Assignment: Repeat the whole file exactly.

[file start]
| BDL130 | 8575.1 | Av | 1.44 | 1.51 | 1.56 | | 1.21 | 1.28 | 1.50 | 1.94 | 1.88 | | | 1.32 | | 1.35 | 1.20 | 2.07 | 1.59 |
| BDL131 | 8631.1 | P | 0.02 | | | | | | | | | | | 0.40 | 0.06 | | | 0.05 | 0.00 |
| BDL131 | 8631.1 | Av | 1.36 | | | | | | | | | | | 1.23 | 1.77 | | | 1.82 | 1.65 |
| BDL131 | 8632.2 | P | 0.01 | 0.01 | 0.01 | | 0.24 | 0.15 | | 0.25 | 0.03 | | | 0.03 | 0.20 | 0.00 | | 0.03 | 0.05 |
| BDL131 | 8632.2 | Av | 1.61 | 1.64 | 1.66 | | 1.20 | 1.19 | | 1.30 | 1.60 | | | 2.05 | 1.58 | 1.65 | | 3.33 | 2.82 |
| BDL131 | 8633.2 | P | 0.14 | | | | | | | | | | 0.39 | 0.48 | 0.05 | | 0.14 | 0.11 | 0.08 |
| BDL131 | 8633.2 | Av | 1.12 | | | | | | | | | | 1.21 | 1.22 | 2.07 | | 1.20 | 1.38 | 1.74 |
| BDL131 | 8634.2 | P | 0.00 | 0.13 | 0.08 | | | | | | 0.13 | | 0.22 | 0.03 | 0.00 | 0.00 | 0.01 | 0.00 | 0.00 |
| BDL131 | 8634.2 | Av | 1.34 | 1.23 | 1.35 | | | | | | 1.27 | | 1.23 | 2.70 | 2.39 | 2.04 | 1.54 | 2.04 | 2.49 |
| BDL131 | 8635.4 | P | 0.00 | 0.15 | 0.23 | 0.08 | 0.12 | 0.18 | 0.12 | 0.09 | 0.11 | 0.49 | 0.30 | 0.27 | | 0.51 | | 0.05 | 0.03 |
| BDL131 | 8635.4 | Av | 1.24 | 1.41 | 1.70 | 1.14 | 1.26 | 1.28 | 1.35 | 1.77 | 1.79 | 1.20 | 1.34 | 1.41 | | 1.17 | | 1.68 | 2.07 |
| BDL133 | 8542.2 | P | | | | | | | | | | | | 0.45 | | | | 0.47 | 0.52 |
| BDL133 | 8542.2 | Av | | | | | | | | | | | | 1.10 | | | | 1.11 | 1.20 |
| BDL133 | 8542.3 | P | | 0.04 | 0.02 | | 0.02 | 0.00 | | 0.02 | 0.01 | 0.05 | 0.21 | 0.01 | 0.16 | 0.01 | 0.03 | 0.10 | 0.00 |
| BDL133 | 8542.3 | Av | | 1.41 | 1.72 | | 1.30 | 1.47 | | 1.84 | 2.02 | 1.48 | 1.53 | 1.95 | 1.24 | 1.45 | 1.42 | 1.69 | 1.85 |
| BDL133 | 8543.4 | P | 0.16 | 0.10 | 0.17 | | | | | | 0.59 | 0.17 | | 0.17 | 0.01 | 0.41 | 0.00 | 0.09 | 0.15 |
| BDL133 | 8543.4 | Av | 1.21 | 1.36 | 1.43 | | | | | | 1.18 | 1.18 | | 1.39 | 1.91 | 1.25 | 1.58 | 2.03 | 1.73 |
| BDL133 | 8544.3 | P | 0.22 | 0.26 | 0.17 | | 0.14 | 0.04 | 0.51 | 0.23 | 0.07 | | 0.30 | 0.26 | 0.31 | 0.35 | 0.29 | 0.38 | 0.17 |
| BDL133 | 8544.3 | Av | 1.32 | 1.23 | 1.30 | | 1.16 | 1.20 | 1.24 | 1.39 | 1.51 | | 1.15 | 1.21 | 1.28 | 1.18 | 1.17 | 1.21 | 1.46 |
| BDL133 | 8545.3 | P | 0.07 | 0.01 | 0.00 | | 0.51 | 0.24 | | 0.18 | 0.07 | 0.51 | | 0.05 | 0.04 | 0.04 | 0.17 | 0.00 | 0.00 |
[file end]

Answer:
| BDL130 | 8575.1 | Av | 1.44 | 1.51 | 1.56 | | 1.21 | 1.28 | 1.50 | 1.94 | 1.88 | | | 1.32 | | 1.35 | 1.20 | 2.07 | 1.59 |
| BDL131 | 8631.1 | P | 0.02 | | | | | | | | | | | 0.40 | 0.06 | | | 0.05 | 0.00 |
| BDL131 | 8631.1 | Av | 1.36 | | | | | | | | | | | 1.23 | 1.77 | | | 1.82 | 1.65 |
| BDL131 | 8632.2 | P | 0.01 | 0.01 | 0.01 | | 0.24 | 0.15 | | 0.25 | 0.03 | | | 0.03 | 0.20 | 0.00 | | 0.03 | 0.05 |
| BDL131 | 8632.2 | Av | 1.61 | 1.64 | 1.66 | | 1.20 | 1.19 | | 1.30 | 1.60 | | | 2.05 | 1.58 | 1.65 | | 3.33 | 2.82 |
| BDL131 | 8633.2 | P | 0.14 | | | | | | | | | | 0.39 | 0.48 | 0.05 | | 0.14 | 0.11 | 0.08 |
| BDL131 | 8633.2 | Av | 1.12 | | | | | | | | | | 1.21 | 1.22 | 2.07 | | 1.20 | 1.38 | 1.74 |
| BDL131 | 8634.2 | P | 0.00 | 0.13 | 0.08 | | | | | | 0.13 | | 0.22 | 0.03 | 0.00 | 0.00 | 0.01 | 0.00 | 0.00 |
| BDL131 | 8634.2 | Av | 1.34 | 1.23 | 1.35 | | | | | | 1.27 | | 1.23 | 2.70 | 2.39 | 2.04 | 1.54 | 2.04 | 2.49 |
| BDL131 | 8635.4 | P | 0.00 | 0.15 | 0.23 | 0.08 | 0.12 | 0.18 | 0.12 | 0.09 | 0.11 | 0.49 | 0.30 | 0.27 | | 0.51 | | 0.05 | 0.03 |
| BDL131 | 8635.4 | Av | 1.24 | 1.41 | 1.70 | 1.14 | 1.26 | 1.28 | 1.35 | 1.77 | 1.79 | 1.20 | 1.34 | 1.41 | | 1.17 | | 1.68 | 2.07 |
| BDL133 | 8542.2 | P | | | | | | | | | | | | 0.45 | | | | 0.47 | 0.52 |
| BDL133 | 8542.2 | Av | | | | | | | | | | | | 1.10 | | | | 1.11 | 1.20 |
| BDL133 | 8542.3 | P | | 0.04 | 0.02 | | 0.02 | 0.00 | | 0.02 | 0.01 | 0.05 | 0.21 | 0.01 | 0.16 | 0.01 | 0.03 | 0.10 | 0.00 |
| BDL133 | 8542.3 | Av | | 1.41 | 1.72 | | 1.30 | 1.47 | | 1.84 | 2.02 | 1.48 | 1.53 | 1.95 | 1.24 | 1.45 | 1.42 | 1.69 | 1.85 |
| BDL133 | 8543.4 | P | 0.16 | 0.10 | 0.17 | | | | | | 0.59 | 0.17 | | 0.17 | 0.01 | 0.41 | 0.00 | 0.09 | 0.15 |
| BDL133 | 8543.4 | Av | 1.21 | 1.36 | 1.43 | | | | | | 1.18 | 1.18 | | 1.39 | 1.91 | 1.25 | 1.58 | 2.03 | 1.73 |
| BDL133 | 8544.3 | P | 0.22 | 0.26 | 0.17 | | 0.14 | 0.04 | 0.51 | 0.23 | 0.07 | | 0.30 | 0.26 | 0.31 | 0.35 | 0.29 | 0.38 | 0.17 |
| BDL133 | 8544.3 | Av | 1.32 | 1.23 | 1.30 | | 1.16 | 1.20 | 1.24 | 1.39 | 1.51 | | 1.15 | 1.21 | 1.28 | 1.18 | 1.17 | 1.21 | 1.46 |
| BDL133 | 8545.3 | P | 0.07 | 0.01 | 0.00 | | 0.51 | 0.24 | | 0.18 | 0.07 | 0.51 | | 0.05 | 0.04 | 0.04 | 0.17 | 0.00 | 0.00 |